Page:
That Side of a Shadow Reviewed
Filmmakers’ Low-Budget Debut Shows Promise
This low-budget indie was the sleeper hit of the Santa Barbara International Film Festival. Dillon Tucker gives cocaine-addled protagonist Isaac Nelson a can’t-look-away urgency that permeates the angsty urban mise en scene of this twenty-something L.A. nightmare. As his best friend James, Jeffery Baker delivers a captivating and equally credible portrayal of the put-upon besty of Isaac the gambler-liar-drug addict and ultimate victim.
This film would do for cocaine what Pineapple Express did for marijuana — whatever that was — but cocaine, as everyone with even a casual acquaintance knows, is far more rapid and ruthless. The bumbling, head-bobbling, spastic-dancing day-for-night of it is all too readily captured by Tucker’s demonic performance. He fights for every frame with everything he’s got, going from his Ray Bans to his baggie and back again as many as a half-dozen times in a single scene.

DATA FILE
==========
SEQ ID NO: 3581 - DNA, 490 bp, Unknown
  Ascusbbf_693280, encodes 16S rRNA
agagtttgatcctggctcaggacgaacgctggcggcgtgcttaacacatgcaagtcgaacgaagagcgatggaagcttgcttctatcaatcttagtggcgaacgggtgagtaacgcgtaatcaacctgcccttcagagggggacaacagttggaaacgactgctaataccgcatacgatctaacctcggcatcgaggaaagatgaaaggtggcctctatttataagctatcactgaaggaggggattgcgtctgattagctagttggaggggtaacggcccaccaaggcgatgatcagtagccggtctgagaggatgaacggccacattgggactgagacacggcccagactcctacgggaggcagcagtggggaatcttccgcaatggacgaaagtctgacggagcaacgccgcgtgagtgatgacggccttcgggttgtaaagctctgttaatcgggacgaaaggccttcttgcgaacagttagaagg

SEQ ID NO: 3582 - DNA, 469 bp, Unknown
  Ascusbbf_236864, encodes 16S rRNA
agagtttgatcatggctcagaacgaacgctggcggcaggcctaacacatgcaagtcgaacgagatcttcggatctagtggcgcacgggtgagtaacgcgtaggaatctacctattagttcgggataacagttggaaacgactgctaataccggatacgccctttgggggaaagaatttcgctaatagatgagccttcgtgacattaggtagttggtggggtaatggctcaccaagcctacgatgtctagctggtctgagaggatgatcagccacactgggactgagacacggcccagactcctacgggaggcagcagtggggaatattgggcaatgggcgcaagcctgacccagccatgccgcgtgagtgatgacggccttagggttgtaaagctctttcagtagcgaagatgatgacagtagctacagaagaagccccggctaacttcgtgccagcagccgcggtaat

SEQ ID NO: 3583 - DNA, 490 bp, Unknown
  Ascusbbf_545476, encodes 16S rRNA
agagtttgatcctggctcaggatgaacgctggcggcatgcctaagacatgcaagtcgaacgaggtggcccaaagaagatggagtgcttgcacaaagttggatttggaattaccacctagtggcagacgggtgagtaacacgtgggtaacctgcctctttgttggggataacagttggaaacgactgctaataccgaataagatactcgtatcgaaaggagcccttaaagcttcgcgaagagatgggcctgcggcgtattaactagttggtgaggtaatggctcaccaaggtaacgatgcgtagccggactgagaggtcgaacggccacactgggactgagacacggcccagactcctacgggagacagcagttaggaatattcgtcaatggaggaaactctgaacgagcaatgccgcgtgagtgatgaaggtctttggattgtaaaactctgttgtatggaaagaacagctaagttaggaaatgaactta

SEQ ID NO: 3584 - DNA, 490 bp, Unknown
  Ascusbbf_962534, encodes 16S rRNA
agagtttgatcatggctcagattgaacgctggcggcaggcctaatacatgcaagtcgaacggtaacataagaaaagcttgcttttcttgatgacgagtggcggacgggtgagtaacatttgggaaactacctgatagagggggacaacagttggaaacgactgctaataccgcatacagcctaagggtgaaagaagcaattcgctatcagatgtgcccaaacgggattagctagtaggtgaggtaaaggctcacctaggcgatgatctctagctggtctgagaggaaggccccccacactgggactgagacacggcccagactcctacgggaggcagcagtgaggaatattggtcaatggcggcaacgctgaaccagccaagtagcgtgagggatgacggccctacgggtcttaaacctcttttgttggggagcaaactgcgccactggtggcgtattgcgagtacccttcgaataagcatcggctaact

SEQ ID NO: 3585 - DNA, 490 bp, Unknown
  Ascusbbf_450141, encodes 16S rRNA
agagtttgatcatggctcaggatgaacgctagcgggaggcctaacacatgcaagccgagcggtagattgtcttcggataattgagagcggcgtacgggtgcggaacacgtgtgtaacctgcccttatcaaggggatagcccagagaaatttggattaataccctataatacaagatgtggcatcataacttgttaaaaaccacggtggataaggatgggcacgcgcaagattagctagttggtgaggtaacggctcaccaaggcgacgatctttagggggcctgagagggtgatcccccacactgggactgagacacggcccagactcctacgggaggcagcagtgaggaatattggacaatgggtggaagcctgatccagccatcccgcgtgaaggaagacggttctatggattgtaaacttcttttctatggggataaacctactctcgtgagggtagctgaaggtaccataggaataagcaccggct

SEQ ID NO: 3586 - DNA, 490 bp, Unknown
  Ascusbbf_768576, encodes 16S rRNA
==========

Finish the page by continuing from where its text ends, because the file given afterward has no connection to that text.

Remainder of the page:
The supporting players, including a memorable Kristin Erickson as Sara, Jimmy’s girlfriend and Isaac’s cousin, and a vibrant team of Vegas working girls played by Leigh Anne Bush and Virginia Cassavetes, add even more scene-by-scene momentum to this runaway train of a story. Okay, fine, there are some loose ends, and the exit strategy of the survivors is more deus ex machina than dues paid for deeds done. The feeling That Side of a Shadow leaves one with — powerful yearning foreshadowing big things to come — may well apply to the creative team, if not to all the deep-end characters the film so effectively portrays.